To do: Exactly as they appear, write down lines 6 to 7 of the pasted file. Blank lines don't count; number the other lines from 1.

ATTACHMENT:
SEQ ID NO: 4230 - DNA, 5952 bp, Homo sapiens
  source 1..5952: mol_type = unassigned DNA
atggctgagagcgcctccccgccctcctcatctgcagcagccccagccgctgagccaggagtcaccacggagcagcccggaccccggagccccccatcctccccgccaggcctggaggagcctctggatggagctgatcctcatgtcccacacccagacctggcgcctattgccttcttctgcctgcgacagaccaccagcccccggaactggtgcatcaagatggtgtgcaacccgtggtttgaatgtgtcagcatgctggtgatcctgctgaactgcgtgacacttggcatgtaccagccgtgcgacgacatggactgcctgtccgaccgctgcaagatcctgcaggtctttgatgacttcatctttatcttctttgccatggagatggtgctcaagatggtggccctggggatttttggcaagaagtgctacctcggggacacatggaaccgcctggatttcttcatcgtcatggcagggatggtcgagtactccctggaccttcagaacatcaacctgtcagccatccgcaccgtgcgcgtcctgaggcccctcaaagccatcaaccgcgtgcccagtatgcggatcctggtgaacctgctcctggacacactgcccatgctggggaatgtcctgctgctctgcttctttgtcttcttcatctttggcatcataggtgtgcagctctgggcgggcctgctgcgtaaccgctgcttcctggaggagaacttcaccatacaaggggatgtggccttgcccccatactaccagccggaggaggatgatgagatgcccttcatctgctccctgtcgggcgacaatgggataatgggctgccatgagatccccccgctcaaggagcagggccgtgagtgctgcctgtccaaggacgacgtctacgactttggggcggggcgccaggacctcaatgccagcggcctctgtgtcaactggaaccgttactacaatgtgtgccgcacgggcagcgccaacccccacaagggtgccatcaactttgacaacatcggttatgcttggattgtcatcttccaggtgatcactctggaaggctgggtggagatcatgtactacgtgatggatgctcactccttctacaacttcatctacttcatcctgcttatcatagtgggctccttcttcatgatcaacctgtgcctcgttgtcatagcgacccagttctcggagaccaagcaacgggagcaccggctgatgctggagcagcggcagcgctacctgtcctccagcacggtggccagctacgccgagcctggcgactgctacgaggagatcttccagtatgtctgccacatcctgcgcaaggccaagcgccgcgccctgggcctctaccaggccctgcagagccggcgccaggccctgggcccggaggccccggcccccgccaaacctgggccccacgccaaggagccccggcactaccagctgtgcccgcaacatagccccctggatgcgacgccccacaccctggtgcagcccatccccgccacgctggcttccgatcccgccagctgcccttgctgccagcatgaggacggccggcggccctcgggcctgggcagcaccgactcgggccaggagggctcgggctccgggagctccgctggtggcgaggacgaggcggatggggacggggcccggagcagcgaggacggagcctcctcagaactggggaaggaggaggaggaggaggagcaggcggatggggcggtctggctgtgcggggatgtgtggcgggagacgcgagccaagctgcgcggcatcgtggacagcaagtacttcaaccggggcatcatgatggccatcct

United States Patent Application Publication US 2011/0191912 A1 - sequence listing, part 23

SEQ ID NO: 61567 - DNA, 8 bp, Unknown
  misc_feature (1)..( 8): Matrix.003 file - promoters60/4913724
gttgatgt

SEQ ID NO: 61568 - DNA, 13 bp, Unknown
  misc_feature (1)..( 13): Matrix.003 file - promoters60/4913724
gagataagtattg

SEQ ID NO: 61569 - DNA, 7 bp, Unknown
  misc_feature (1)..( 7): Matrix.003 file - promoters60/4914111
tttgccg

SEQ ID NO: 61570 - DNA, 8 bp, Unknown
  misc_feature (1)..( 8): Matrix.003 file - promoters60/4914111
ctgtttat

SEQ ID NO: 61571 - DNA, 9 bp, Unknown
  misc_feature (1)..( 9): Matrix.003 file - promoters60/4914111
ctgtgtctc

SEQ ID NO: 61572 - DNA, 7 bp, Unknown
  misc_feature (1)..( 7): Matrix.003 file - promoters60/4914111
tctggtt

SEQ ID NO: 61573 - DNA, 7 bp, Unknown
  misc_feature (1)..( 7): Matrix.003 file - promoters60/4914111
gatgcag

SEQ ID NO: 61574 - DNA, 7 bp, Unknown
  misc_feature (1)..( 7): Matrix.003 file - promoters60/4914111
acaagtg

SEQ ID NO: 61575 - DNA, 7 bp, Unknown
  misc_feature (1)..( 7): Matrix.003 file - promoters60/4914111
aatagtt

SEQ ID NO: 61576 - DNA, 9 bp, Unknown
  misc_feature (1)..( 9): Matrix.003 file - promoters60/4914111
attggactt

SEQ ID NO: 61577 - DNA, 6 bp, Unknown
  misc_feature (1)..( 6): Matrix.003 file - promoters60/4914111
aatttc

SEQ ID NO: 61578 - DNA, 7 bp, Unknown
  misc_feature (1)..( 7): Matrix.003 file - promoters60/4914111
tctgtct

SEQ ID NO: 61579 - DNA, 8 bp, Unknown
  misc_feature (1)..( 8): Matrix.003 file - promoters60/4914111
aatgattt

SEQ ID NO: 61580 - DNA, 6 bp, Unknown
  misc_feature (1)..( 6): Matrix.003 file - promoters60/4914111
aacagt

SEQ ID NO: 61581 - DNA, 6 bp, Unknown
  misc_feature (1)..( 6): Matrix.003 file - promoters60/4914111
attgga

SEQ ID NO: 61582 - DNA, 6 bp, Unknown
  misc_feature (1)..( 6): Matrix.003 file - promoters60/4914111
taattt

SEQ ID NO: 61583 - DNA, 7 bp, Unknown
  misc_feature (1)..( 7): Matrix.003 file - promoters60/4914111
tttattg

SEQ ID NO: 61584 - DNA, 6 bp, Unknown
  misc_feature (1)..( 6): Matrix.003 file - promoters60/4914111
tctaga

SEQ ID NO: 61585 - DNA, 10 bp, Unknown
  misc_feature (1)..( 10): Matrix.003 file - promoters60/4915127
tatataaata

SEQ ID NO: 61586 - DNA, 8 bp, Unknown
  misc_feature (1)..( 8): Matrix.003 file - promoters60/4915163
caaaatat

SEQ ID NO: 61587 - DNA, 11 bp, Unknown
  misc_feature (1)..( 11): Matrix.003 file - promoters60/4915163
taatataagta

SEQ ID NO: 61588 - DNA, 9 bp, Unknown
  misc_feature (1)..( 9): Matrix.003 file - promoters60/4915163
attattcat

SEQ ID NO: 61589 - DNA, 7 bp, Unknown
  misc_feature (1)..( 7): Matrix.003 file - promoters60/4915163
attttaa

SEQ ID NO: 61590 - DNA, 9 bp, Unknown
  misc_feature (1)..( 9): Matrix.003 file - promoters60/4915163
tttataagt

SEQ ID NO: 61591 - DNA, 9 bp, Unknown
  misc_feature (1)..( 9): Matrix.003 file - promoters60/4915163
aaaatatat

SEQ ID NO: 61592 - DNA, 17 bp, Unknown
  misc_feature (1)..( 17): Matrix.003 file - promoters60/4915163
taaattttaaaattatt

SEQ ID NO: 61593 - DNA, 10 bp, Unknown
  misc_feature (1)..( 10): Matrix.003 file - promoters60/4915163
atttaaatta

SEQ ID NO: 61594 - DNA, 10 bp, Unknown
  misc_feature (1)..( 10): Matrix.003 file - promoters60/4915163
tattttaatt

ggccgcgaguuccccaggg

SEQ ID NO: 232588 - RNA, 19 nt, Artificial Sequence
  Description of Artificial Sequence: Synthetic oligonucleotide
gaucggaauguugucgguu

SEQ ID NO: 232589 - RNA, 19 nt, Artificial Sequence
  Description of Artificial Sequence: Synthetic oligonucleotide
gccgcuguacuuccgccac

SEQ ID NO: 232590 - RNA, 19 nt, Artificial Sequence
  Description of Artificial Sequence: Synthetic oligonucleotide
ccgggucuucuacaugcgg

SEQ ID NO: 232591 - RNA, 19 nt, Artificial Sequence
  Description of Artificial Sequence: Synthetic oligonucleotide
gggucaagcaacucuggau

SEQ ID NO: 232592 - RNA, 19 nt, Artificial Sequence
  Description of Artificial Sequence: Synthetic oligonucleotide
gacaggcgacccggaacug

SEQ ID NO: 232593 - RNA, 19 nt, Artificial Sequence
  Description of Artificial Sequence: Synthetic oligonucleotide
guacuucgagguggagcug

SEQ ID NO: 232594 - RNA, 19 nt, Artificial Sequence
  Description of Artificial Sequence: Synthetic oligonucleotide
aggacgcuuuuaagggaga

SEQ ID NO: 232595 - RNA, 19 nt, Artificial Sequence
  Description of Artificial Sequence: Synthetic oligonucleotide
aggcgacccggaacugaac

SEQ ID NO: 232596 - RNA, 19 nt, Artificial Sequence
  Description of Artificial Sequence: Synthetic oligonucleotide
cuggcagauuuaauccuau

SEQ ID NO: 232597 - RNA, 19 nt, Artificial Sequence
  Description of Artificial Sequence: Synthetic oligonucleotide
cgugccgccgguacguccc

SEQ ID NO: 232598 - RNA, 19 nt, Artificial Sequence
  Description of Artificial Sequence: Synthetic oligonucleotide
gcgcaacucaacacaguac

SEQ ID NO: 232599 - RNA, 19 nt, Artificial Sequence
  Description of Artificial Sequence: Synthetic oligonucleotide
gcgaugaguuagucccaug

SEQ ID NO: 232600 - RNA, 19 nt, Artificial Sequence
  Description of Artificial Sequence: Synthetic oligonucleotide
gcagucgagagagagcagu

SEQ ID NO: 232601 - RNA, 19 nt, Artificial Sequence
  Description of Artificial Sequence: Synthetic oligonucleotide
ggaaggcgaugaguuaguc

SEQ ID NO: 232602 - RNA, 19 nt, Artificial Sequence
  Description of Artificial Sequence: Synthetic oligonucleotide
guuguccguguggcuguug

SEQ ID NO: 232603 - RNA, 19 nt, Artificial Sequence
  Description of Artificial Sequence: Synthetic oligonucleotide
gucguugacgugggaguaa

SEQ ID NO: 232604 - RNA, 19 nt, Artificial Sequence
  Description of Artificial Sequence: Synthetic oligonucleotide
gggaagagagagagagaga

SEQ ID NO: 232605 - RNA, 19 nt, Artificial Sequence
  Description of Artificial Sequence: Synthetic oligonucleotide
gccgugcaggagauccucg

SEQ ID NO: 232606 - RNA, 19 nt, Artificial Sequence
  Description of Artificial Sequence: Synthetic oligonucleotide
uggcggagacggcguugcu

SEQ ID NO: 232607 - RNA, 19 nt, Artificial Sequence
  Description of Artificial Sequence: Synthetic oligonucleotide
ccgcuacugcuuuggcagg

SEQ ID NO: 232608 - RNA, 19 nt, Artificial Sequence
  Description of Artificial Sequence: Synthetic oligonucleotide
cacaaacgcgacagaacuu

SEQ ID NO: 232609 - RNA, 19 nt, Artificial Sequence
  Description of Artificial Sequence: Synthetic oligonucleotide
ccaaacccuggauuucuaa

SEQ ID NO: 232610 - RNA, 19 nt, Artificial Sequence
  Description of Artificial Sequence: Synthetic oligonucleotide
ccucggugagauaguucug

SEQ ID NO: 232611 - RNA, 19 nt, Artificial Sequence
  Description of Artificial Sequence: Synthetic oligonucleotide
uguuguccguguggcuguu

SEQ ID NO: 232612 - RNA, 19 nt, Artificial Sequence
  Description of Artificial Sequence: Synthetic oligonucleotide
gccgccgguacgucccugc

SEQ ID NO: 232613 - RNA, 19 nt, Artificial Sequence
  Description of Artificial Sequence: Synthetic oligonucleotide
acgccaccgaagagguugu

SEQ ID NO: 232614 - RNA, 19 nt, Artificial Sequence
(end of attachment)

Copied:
  misc_feature (1)..( 8): Matrix.003 file - promoters60/4913724
gttgatgt